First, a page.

There are a variety of forms or even sets of shapes in the trade. You can cast horses and ponies, dinosaurs, dogs and cats, farm or zoo animals, marine animals, memo holders, butterflies and much more out of plaster. Soap forms, sandbox forms, silicone baking molds, which are available in beetle, flower and butterfly shapes, can be used for it. Just search for molds. The largest selection is on the World Wide Web.
From liquid silicone can also be easily made a shape. Also suitable is the variant below: casting mold or as a video: silicone mold
The figures are painted beautifully after curing and the little artworks are ready.
Gypsum figures without forms
For this, the gypsum must be mixed with less water. One part of water is calculated on three parts of gypsum. The plaster is quite tough and can be processed similar to clay or plasticine. So you can create a variety of characters.
The simple version to make plaster paintings is to pour out a special mold. Thats is quite easy. Just make sure that there are no air bubbles. The gypsum must be very thin so that it runs into the smallest depression. It has to be worked very fast.
These plaster pictures were created by pouring out forms: plaster pictures They only have to be painted. There are many different motives.
Crafting with plaster bandages
Plaster bandages facilitate work with plaster. You can buy them in pharmacies, drugstores and on the internet. There are different qualities, coarser and finer ones. For beginners and children usually the cheaper models are enough. Who wants to immortalize his baby bump or the prints of children, should use such bandages that do not fray (arttex). It pays to invest a bit more.
When working with plaster bandages is always spilled plenty of, so everything should be well covered around the work surface. The plaster bandages are cut into pieces, in the appropriate working length. In addition, only a bowl of water is needed, in which the pads are dipped for moistening.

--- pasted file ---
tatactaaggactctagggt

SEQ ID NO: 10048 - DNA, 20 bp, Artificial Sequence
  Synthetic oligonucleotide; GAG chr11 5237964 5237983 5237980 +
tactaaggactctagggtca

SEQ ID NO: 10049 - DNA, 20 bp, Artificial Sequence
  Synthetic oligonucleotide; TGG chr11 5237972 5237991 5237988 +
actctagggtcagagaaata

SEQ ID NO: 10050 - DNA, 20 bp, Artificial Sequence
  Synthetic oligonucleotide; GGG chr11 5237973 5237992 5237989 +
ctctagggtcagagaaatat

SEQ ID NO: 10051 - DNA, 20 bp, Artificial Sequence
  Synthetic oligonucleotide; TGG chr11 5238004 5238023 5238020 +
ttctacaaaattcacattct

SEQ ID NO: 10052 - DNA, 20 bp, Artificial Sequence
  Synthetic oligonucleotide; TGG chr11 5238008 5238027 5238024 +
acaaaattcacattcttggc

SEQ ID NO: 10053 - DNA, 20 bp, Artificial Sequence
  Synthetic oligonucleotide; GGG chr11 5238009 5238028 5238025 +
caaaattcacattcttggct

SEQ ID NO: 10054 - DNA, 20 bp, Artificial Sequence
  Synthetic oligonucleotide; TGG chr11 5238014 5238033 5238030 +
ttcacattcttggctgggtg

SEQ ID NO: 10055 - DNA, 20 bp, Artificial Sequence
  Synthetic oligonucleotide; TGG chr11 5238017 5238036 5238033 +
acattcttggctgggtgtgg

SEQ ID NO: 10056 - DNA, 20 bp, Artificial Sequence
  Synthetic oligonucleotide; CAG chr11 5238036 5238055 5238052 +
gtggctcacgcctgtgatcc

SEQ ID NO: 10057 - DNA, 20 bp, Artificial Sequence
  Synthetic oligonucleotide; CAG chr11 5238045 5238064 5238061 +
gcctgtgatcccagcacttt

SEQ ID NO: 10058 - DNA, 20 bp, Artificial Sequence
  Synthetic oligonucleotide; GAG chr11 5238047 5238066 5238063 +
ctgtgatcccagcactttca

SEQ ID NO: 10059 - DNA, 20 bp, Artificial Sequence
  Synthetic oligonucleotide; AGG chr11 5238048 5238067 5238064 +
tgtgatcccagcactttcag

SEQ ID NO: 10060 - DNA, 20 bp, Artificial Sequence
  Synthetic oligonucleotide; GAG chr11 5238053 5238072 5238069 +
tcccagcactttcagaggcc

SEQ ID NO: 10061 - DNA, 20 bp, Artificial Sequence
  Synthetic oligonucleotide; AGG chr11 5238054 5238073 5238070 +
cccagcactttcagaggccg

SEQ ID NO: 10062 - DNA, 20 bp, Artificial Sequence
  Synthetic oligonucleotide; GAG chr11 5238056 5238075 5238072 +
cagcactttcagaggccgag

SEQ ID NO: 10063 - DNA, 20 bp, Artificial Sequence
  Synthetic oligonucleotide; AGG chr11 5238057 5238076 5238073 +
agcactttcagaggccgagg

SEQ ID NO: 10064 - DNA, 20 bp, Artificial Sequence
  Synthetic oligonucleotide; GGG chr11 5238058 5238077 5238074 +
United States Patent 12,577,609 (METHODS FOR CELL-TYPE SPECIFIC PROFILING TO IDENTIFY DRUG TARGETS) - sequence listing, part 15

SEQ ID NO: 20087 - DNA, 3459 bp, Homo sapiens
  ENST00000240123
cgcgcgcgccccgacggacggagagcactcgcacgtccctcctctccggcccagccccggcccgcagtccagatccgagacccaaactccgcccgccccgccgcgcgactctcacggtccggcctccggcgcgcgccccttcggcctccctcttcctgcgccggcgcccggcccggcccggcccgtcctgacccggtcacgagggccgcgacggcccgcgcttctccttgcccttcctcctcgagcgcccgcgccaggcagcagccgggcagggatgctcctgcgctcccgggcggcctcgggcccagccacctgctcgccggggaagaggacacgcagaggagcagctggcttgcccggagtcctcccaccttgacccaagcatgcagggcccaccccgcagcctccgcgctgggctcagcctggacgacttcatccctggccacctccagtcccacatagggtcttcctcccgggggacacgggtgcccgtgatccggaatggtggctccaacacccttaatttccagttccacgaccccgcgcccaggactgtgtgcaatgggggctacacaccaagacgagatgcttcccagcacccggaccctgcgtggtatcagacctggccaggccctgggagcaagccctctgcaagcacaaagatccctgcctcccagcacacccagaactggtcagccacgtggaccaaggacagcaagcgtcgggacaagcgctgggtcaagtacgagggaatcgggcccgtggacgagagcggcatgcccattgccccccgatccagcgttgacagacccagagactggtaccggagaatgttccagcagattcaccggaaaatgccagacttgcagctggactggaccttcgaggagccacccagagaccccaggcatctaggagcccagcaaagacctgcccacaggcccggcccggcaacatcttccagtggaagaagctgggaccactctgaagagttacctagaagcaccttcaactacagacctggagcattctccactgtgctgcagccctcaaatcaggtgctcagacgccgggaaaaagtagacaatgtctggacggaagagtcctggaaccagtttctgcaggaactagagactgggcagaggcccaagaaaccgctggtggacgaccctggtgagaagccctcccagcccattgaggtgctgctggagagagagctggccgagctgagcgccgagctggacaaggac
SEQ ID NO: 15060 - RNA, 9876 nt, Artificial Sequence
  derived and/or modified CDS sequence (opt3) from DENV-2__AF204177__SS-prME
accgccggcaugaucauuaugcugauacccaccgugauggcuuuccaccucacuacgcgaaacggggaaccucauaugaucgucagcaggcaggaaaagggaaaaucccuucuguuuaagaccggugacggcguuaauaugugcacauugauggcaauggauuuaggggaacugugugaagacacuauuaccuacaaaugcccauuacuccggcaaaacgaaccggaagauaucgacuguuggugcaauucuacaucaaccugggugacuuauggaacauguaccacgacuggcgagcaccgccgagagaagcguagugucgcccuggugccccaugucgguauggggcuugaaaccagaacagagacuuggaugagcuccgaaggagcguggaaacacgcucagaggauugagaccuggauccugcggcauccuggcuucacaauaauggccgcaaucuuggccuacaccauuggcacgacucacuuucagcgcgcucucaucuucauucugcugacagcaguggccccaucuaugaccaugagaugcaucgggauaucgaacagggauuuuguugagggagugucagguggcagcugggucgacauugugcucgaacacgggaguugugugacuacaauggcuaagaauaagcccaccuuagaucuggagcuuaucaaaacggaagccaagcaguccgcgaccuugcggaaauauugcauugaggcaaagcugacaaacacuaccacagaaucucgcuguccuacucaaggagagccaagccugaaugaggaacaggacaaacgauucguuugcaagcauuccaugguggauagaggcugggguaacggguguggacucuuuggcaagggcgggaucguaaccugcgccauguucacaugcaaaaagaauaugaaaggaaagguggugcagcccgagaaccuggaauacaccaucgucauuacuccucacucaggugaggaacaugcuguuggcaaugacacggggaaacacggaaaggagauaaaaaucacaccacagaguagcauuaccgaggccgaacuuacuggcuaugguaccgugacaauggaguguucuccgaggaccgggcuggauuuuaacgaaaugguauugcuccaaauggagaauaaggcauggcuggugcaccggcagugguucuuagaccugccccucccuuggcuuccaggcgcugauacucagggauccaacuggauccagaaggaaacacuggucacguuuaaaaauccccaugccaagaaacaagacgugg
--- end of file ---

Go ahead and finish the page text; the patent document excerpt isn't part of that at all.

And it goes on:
- Immerse first piece of binding in water and express briefly.
- Pull apart and place in the desired position and smooth. The bandages are more heavily coated on one side and have a rougher surface. This page must be on top. Depending on what you want to edit, you start at one end, up or down, right or left, not centered. Then you work your way to the other side.
- Smooth well with damp fingers until the grooves of the plaster bandage are almost gone. The now liquid gypsum must be evenly distributed.
- Wet the next piece, express and place slightly overlapping over and next to the first piece.
- So cover once the entire desired area. First put on a complete layer
- Then move on to the next shift. At least two to three complete layers are needed.
- When everything is completely covered at least twice, let it harden. Depending on the used binding material takes 20 to 60 minutes.
- Loosen impression carefully and allow to dry, at least 2 days
- After drying and curing, the plaster cast still needs to be sanded.
- If there are still thin or unstable places, they can be reworked.
- Cut the mask. So that the edge is smooth and not frayed, put moist plaster strips over the edges. This results in smooth, flat edges.
- Smooth the surface with a surface treatment. Small bumps and holes can be compensated.
- let dry
- Cut off threads and bumps.
- Apply surface finishing agent Gesso. This protects against yellowing, but also compensates for small bumps. It is also a good primer for painting. Beware, the remedy makes nasty stains that are very difficult to wash out. Apply a thick coat to the outside of the mask with a brush.
- let dry
- Paint and decorate
- Possibly. paint
Tip: If impressions are taken from the body, always cream the skin thick with Vaseline or a good fat cream. Cover hair with foil, otherwise it will pull well when removing. Apply a thick coat of eyebrows and eyelashes.
Detailed instructions for an imprint of the baby bump under: DIY-instructions - make and paint baby belly plaster impression
Tipped paper bag
Solid paper bags can be wonderfully plastered and decorated. You should have a large enough floor space so that you can fill in something at the end. The procedure is very simple. Cut smaller pieces of bark and proceed piece by piece. The entire bag including handles is triplicated. At the end, squeeze the bag slightly and then let it dry. Then add plaster to a porridge and apply with a brush over the bandages to smooth the surface. Let everything dry again. If required, the gypsum bag can be decorated in color or otherwise designed. Since the bag is not waterproof, a glass or pot must be put into it should it be used as a vase or planter.